There's countless scenes in the award-winning documentary The RiverBlue: Can Fashion Save the Planet? that show the indigo-tinged rivers and denim-dyed lakes of China, Bangladesh and India. These toxic bodies of water are the result of our wardrobe staple, jeans, being made, and the ecosystems in these hubs of fast fashion factories are being destroyed.
We know that fashion is contributing to the slow but sure demise of our planet. 20% of the world's water pollution is made by garment manufacturing. 1,800 gallons of water is used to produce just one pair of jeans. We know this. So, we're buying less and better quality. We're shopping vintage and buying second hand; we're giving our cast-offs to recycling plants and charity shops.
But when 25 billion gallons of water is required for one year's worth of global textile production, it feels like any individual effort made is a drop in the ocean of a world-wide problem. We can howl at Blue Planet all we like, ban plastic bags and straws and feel better about our life choices - but unless we hold brands accountable, and demand real change at the source, there are dark days ahead.
AG Jeans, a longtime champion of eco-friendly practises, is leading the charge on this front. The Los Angeles-based denim brand is putting long-term solutions into place where other brands are merely paying lip service to sustainability. And now, to celebrate World Water Day, the 2006-founded label has announced the installation of new water filtration systems in both its LA and Mexico factories, meaning that 100% of the water used will be recycled.
A typical denim manufacturer uses 380,000 gallons of water per day
“A typical denim manufacturer uses 380,000 gallons of water per day," founder and CEO Yul Ku explains. "AG’s state-of-the-art technology will reduce our usage to just 1,200 gallons per day" - and this is only due to evaporation and minor spillages caused during the process. Using a multi-step recycling system, which filters out chemicals, dyes and other toxic waste, every drop of water is recovered from the manufacturing process, and, being so pure, is clean enough to drink.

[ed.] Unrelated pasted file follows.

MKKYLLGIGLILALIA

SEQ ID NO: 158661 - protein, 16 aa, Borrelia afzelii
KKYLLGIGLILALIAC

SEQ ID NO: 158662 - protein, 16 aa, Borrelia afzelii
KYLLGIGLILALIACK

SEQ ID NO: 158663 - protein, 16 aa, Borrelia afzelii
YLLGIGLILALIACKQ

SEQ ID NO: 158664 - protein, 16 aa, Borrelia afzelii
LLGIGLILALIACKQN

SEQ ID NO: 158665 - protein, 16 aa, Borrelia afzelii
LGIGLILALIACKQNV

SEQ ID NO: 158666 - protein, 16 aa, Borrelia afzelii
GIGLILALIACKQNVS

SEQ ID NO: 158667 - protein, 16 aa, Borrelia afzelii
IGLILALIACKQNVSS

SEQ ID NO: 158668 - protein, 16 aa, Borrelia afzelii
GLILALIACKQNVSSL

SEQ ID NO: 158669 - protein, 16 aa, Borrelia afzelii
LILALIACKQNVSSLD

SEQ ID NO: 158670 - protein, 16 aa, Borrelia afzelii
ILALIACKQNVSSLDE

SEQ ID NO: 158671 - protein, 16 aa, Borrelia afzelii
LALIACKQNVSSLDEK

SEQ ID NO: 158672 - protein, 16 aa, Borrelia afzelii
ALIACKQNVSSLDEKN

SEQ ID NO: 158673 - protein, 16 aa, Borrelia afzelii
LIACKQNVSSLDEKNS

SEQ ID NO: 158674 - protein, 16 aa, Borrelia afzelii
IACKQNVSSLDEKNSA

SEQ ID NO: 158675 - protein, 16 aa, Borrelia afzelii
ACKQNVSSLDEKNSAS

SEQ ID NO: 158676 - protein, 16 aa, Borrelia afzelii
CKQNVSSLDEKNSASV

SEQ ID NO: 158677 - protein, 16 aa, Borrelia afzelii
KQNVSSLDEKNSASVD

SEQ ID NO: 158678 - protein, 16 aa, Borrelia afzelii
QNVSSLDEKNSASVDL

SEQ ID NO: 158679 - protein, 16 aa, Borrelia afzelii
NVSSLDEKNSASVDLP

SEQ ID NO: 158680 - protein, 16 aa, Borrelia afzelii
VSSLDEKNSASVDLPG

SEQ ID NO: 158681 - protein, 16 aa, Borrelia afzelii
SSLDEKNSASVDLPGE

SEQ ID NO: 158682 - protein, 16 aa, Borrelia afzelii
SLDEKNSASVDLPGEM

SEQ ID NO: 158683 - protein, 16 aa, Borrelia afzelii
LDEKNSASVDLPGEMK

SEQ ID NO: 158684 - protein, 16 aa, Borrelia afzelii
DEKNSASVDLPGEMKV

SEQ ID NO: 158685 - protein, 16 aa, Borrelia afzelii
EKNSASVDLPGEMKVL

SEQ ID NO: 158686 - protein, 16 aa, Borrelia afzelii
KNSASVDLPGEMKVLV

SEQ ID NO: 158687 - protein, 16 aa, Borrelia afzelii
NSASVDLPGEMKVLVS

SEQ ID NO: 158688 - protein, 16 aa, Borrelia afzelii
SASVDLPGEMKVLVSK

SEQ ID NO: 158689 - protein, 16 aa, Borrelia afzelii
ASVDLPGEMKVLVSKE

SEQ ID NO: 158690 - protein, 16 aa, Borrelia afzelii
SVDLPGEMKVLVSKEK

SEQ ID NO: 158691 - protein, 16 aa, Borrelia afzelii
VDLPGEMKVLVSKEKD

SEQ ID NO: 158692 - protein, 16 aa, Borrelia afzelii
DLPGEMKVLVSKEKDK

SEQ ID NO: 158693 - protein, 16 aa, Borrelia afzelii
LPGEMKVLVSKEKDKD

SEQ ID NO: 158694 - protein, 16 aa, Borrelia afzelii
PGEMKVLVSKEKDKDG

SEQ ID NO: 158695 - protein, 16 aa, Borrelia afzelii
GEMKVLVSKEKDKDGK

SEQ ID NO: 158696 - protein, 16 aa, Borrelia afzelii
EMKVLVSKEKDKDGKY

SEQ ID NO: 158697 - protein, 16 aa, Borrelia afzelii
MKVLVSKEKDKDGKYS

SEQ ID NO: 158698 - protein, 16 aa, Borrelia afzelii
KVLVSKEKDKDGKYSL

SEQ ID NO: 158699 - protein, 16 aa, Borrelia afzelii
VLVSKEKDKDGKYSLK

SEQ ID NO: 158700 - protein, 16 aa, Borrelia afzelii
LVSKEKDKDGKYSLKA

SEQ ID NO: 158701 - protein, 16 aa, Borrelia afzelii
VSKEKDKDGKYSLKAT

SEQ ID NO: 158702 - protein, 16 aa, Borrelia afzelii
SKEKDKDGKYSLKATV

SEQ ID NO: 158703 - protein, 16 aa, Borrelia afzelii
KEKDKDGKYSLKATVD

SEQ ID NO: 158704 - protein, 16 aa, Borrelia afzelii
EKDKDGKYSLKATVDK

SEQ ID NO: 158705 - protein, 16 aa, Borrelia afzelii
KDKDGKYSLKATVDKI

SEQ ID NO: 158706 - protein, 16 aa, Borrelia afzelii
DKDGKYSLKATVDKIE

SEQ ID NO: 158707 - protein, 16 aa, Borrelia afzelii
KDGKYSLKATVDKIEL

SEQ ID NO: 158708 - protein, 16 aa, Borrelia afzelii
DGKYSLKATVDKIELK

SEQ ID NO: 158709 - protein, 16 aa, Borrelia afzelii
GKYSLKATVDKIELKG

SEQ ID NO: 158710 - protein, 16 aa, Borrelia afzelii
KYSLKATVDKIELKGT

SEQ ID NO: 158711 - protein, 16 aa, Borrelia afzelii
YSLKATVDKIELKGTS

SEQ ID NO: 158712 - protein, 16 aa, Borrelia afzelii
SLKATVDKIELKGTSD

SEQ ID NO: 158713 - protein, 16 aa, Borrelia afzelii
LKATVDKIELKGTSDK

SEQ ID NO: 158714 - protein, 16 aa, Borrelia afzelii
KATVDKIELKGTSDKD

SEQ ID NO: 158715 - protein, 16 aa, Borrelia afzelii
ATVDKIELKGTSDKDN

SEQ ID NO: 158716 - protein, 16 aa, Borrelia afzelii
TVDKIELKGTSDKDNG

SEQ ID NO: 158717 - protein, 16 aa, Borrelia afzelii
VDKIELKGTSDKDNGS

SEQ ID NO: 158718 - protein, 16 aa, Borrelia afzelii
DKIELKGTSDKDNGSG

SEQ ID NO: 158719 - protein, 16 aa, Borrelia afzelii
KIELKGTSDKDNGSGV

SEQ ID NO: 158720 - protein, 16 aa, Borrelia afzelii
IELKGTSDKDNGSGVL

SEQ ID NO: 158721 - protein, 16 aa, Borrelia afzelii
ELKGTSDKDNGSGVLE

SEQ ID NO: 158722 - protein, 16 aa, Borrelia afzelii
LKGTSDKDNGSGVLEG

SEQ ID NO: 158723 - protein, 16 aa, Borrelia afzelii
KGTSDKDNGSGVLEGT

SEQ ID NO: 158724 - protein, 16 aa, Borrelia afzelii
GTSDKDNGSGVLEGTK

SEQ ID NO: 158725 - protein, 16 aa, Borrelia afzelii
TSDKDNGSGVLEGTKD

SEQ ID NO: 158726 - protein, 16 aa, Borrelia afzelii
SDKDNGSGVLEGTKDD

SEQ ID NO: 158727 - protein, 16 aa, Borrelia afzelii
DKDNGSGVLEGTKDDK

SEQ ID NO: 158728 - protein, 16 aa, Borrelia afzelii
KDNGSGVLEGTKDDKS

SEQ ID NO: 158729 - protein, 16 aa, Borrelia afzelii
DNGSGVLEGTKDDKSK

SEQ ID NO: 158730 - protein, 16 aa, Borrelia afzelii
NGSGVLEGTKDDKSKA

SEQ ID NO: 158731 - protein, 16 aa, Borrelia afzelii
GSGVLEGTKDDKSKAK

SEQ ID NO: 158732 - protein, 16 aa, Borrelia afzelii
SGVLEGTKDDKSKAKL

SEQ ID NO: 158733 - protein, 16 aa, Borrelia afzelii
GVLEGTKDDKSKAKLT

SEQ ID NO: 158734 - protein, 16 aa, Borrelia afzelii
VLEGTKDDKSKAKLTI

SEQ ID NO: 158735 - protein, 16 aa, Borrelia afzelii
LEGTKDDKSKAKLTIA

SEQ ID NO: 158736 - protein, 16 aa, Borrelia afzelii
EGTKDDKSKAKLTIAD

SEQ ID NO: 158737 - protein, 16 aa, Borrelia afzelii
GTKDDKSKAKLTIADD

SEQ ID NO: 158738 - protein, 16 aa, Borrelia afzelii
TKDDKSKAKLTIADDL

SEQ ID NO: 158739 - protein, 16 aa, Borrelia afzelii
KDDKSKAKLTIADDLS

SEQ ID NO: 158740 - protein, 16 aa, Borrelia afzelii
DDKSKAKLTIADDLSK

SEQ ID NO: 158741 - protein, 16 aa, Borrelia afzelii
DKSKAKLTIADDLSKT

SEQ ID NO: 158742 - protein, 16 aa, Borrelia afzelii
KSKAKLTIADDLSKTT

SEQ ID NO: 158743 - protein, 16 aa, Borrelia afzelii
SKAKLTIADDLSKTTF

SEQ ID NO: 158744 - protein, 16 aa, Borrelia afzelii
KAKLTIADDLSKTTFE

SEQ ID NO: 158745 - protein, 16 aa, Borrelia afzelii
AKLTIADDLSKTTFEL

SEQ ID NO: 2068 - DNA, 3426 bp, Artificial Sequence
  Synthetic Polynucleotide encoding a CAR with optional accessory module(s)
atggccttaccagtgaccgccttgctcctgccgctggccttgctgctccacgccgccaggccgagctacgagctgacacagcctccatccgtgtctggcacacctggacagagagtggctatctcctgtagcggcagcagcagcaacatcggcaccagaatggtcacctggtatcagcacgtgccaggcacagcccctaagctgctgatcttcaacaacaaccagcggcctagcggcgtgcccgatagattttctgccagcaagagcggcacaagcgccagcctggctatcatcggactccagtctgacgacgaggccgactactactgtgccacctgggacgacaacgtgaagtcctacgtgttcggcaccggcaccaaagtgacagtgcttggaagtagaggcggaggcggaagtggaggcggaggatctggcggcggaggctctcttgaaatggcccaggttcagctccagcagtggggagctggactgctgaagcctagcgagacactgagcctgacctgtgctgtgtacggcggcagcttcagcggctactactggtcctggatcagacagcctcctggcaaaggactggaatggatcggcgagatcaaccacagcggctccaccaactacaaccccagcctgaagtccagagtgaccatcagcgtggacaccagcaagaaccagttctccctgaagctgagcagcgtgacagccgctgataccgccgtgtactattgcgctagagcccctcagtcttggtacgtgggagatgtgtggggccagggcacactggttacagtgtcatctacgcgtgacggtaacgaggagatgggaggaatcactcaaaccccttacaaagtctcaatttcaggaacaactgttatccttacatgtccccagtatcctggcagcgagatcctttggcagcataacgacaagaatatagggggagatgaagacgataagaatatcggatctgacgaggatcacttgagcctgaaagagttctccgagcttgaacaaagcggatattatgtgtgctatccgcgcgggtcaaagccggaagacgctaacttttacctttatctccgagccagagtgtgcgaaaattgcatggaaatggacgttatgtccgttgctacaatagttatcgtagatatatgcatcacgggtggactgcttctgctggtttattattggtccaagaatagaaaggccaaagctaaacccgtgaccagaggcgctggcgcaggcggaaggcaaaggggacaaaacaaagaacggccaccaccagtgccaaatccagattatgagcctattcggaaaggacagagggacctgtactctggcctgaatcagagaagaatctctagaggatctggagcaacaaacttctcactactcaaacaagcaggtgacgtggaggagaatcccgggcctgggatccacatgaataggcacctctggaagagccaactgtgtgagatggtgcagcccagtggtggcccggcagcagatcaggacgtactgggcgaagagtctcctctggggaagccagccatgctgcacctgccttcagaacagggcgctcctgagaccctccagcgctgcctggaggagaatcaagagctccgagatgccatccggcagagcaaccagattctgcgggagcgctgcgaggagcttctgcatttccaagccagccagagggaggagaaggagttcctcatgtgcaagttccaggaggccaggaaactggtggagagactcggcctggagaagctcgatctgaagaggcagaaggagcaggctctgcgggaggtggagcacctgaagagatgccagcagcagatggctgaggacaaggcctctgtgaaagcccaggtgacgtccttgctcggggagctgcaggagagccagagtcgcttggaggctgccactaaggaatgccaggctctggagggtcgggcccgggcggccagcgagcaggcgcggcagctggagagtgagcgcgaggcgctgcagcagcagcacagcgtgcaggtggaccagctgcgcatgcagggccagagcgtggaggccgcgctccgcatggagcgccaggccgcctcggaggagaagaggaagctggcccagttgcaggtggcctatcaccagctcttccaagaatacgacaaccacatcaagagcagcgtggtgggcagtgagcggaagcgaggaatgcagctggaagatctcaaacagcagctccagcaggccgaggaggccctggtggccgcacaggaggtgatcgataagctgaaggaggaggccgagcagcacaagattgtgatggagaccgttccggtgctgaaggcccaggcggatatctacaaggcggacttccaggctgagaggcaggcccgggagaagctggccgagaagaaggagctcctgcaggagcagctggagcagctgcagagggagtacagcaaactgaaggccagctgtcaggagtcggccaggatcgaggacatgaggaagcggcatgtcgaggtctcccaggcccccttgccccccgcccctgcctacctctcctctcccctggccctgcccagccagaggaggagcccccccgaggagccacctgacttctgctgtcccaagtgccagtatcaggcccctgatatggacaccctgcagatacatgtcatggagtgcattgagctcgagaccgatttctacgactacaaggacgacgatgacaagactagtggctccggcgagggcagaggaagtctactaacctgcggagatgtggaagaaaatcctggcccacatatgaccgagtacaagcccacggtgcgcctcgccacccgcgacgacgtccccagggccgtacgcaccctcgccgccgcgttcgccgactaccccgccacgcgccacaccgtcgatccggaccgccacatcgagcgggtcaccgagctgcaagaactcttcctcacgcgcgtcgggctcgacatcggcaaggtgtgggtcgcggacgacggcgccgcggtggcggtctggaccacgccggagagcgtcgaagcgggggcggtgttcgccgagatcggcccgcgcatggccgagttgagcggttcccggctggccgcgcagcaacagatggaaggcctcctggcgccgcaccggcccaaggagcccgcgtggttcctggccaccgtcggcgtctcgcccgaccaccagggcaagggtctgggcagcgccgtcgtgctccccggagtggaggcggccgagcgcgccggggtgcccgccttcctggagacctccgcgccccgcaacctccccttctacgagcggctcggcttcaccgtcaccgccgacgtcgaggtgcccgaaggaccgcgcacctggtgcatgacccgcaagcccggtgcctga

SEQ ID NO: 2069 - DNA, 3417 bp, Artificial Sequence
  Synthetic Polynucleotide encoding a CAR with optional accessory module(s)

AG has long been a leader in both the denim and sustainability sectors. The label already uses Ozone Technology, which reduces water consumption by half during the production process, recycles around 1,400lbs of scrap material per week, and uses natural and biodegradable materials like Tencel and Modal. "The return on our new machinery isn't huge," a brand rep tells Refinery29. "We'll maybe see a return on investment in 20 years - this technology is expensive - but taking these steps it's so important to us."
Alongside the innovative new recycling process, the label has partnered with Boxed Water Is Better, a brand that puts its money where its mouth is when it comes to eco practises. The packing is 100% recyclable, made from 74% renewable sources, shipped flat before filling to reduce the carbon footprint further, and plants two trees every time its #BetterPlanet initiative is hashtagged on social media. AG estimates that it will be saving 73,000 plastic bottles (previously given to customers in-store and employees in-house) per year with this new partnership.
Of course, the brand has cool kudos, too. As well as being the face of the brand for AW16, Alexa Chung collaborated with them to create several collections of vintage-inspired styles - think sell-out overalls and kick-flare denim. An influencer favourite, and worn by the likes of Bettina Looney and Camille Charriere, AG epitomises the laid-back LA aesthetic. Fashion-approved and environmentally sound? Count us in.
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